The CategoryDatasourceView class (Extending the  HierarchicalDatasourceView class)

To incorporate these addition UI related class, I created a folder called DatasourceControls under the App_Code folder.

The important method here is the Select Method.  In here, we build the category tree and attach it to the root Item.

namespace DatasourceControls 
{ 
    public class CategoryDatasourceView : HierarchicalDataSourceView 
    { 
        string viewPath; 
        Category rootCategory; 

        public CategoryDatasourceView(string ViewPath) 
        { 
            viewPath = ViewPath; 
        } 
        public CategoryDatasourceView(Category root) 
        { 
            rootCategory = root; 
        } 
       public override IHierarchicalEnumerable Select()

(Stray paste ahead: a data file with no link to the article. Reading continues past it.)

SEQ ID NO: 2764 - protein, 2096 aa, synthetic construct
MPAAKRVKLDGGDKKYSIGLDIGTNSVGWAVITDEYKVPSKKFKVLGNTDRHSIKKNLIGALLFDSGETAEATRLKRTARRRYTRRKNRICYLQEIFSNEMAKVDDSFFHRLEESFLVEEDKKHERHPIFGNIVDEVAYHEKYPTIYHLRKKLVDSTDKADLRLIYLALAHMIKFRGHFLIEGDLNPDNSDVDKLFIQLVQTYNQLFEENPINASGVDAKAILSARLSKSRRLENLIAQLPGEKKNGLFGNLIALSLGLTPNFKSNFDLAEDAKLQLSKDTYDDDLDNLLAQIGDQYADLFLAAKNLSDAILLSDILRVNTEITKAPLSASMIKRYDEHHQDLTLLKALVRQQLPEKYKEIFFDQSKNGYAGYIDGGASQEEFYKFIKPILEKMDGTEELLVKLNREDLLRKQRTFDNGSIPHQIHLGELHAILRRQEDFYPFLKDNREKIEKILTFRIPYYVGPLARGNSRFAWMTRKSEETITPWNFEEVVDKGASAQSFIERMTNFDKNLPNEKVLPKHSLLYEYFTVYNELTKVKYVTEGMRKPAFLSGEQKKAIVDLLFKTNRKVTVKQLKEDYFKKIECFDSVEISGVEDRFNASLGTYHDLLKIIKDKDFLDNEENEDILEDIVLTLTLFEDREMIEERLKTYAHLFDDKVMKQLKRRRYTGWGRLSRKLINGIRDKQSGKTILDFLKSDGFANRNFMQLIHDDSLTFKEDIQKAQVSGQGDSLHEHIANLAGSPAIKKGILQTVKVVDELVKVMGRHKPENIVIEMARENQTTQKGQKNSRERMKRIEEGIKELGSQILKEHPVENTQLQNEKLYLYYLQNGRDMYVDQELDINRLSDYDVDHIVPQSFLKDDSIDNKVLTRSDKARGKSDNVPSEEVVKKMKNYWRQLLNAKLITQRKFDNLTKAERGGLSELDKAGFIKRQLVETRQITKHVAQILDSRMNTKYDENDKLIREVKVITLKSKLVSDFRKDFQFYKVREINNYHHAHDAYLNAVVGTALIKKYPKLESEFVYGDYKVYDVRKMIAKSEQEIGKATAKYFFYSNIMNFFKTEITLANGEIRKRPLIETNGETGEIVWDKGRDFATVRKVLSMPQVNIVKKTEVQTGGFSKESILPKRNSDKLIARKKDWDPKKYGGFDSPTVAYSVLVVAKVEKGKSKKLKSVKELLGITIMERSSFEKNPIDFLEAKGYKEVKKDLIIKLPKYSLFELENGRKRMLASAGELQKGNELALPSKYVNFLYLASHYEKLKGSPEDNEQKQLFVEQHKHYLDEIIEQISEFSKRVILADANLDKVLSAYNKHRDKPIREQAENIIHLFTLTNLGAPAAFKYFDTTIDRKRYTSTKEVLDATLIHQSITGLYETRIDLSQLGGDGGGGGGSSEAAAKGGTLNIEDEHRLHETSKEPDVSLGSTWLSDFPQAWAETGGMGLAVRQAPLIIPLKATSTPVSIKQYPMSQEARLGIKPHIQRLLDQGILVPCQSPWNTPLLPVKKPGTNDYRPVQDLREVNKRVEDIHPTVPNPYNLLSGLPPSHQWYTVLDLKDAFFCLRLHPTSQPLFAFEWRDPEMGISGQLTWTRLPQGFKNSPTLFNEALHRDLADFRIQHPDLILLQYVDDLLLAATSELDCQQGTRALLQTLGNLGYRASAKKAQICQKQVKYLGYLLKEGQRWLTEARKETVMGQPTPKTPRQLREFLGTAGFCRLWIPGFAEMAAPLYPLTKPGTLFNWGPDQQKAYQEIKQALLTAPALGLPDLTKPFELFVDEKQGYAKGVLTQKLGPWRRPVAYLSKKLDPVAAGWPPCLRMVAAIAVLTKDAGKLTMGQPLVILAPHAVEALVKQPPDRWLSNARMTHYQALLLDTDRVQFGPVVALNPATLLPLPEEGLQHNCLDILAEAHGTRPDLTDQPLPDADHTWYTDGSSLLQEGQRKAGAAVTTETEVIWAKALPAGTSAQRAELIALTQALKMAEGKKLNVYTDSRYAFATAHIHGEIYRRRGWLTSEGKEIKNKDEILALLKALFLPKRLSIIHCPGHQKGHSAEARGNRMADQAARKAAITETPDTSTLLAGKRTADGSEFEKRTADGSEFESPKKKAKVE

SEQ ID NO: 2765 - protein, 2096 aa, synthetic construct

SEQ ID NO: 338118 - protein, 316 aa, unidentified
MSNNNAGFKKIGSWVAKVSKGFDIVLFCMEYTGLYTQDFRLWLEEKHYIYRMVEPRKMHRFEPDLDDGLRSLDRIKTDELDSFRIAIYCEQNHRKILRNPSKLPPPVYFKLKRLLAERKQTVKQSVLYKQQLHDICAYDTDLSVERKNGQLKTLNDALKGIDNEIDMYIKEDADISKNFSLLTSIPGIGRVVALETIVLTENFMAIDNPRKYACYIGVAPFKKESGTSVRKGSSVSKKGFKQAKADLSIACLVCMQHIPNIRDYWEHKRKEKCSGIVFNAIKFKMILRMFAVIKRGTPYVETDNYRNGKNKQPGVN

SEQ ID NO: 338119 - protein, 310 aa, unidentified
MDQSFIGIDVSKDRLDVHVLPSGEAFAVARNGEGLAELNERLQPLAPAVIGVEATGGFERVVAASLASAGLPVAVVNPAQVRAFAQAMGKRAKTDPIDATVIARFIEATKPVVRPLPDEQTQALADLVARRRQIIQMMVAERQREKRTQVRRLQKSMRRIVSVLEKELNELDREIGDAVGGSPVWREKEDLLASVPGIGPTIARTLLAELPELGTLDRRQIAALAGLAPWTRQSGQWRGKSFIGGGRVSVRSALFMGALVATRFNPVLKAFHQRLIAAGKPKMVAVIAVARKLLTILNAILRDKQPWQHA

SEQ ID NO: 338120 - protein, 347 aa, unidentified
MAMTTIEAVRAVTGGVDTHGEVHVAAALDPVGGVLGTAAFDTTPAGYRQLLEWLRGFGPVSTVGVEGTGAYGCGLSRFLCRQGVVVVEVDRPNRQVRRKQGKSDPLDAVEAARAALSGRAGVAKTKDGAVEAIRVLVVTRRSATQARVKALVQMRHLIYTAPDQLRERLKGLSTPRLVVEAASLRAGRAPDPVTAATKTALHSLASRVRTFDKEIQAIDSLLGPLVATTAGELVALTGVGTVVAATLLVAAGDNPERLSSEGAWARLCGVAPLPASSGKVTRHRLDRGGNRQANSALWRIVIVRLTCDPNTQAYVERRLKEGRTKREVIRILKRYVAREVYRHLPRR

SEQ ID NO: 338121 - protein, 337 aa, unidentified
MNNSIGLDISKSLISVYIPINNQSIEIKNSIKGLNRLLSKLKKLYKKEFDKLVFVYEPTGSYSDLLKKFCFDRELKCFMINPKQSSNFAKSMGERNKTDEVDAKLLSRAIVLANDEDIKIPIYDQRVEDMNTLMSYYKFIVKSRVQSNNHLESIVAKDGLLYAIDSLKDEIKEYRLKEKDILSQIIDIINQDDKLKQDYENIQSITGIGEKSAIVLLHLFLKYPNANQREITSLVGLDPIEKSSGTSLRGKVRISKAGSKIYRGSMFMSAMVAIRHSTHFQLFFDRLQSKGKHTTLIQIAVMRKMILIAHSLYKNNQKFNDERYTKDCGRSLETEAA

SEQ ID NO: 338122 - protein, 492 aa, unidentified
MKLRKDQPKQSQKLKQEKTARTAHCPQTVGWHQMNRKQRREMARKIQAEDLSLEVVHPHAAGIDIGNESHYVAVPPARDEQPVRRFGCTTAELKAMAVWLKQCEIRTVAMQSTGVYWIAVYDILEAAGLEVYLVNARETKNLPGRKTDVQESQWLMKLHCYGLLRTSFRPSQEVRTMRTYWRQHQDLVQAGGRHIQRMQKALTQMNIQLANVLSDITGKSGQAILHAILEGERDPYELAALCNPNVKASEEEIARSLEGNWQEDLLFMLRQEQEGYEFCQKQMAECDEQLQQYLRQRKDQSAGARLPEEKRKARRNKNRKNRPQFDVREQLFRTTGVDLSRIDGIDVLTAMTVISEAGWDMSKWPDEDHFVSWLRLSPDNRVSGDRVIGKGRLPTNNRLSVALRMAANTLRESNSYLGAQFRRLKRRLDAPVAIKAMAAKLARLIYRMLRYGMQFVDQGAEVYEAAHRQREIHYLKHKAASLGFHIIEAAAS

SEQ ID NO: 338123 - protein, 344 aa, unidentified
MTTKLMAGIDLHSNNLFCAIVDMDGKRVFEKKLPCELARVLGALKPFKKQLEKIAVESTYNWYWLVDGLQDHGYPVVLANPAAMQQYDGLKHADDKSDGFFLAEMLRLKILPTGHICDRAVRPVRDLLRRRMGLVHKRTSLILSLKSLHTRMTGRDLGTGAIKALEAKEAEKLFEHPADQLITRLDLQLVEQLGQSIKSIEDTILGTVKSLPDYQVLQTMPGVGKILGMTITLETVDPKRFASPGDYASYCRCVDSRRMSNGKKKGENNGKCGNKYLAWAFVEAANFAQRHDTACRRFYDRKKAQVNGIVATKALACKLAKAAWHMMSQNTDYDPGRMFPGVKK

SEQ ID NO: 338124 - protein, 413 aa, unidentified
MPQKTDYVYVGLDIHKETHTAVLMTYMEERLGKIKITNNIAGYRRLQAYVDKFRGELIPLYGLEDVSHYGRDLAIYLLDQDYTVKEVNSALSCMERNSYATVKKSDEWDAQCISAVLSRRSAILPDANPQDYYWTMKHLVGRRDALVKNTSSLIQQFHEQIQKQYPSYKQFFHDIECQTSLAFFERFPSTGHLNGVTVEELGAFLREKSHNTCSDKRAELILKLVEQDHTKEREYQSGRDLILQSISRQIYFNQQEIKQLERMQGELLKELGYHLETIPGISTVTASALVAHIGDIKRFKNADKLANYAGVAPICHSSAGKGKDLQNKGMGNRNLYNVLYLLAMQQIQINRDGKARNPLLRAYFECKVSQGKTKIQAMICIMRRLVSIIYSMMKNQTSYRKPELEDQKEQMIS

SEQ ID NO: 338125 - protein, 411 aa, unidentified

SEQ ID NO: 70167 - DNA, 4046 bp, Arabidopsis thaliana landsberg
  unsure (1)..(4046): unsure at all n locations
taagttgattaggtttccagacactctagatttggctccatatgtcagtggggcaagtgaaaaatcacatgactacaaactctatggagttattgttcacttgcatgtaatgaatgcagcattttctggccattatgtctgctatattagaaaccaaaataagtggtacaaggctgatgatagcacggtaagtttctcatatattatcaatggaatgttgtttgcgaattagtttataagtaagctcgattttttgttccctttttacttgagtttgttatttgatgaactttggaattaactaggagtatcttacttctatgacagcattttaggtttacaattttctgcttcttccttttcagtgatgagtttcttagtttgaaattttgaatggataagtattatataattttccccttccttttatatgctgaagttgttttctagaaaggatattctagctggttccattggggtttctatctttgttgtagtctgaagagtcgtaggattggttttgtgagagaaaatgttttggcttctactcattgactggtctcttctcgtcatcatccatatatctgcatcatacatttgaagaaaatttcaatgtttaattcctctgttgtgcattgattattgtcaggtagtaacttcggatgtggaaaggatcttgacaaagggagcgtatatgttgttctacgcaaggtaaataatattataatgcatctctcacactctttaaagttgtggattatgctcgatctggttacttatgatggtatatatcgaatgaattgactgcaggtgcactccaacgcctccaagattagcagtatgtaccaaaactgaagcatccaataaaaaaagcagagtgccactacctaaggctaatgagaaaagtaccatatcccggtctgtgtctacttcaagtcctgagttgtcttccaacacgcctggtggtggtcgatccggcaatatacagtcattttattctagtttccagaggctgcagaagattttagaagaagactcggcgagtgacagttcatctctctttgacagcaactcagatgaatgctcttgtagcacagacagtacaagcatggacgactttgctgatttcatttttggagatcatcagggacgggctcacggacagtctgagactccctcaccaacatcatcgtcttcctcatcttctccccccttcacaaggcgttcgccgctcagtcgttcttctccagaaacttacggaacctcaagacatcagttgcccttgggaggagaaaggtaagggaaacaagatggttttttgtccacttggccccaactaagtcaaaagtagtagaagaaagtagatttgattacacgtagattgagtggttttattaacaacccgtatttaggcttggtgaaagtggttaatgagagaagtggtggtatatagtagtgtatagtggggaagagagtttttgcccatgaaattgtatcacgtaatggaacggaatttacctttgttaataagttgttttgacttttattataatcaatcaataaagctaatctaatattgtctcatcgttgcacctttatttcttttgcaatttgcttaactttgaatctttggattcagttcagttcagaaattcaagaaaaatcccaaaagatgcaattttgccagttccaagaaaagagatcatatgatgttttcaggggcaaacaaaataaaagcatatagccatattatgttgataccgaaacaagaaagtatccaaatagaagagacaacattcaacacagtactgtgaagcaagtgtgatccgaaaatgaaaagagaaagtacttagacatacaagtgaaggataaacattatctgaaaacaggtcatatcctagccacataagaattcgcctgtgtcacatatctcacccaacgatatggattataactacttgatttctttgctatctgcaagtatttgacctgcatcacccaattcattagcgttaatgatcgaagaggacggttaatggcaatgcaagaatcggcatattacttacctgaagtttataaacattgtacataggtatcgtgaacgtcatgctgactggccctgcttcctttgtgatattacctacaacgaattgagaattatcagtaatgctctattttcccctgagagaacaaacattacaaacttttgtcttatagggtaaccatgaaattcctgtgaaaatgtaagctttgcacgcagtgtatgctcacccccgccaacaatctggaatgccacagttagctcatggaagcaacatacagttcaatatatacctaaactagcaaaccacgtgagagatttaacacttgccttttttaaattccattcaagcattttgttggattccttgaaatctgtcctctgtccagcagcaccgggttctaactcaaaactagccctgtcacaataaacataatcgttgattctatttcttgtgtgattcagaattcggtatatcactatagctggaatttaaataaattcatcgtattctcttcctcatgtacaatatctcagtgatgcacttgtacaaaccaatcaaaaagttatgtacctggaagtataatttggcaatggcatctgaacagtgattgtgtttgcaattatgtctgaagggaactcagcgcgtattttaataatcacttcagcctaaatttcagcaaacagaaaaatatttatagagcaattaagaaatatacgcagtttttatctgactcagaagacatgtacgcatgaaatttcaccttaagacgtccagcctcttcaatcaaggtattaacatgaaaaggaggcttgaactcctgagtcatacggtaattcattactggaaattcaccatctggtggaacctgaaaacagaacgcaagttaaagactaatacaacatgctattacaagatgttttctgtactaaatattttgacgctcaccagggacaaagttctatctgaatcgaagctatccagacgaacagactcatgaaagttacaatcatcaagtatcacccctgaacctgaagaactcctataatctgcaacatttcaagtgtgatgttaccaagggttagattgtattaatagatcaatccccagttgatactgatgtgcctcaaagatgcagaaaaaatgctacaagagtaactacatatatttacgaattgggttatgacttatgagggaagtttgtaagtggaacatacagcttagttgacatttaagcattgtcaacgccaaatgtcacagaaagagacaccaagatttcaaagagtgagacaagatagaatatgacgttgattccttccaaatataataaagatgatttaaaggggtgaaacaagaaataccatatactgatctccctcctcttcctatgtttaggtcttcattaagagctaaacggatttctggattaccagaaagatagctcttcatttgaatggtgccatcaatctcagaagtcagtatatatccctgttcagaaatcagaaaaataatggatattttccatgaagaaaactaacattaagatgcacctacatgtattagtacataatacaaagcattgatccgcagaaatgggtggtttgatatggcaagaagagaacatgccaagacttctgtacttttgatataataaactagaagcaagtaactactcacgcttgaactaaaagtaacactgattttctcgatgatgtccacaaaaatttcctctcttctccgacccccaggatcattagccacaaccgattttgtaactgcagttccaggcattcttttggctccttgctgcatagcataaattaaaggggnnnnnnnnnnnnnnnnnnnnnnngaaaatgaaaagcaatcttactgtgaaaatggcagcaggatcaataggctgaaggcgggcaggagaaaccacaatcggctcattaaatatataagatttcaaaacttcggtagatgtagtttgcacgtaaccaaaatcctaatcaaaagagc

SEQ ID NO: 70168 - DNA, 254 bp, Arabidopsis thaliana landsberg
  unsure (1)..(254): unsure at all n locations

{ 
            Categories childrenOfRoot = new Categories(); 
            foreach (Category cat in rootCategory.ChildCategories) 
            { 
                childrenOfRoot.Add(cat); 
            } 
            return childrenOfRoot;           
        }        
    } 
} 

The CategoryDatasource class (Extending the HierarchicalDataSourceControl class)

There's not much to say about this class:P MSDN classifies this class as " the base class for data source controls that represent hierarchical data."

namespace DatasourceControls 
{ 
    public class CategoryDatasource : HierarchicalDataSourceControl, IHierarchicalDataSource 
    { 
        CategoryDatasourceView view = null; 
        Category rootPage; 
        public CategoryDatasource(Category RootPage) : base() 
        { 
            rootPage = RootPage;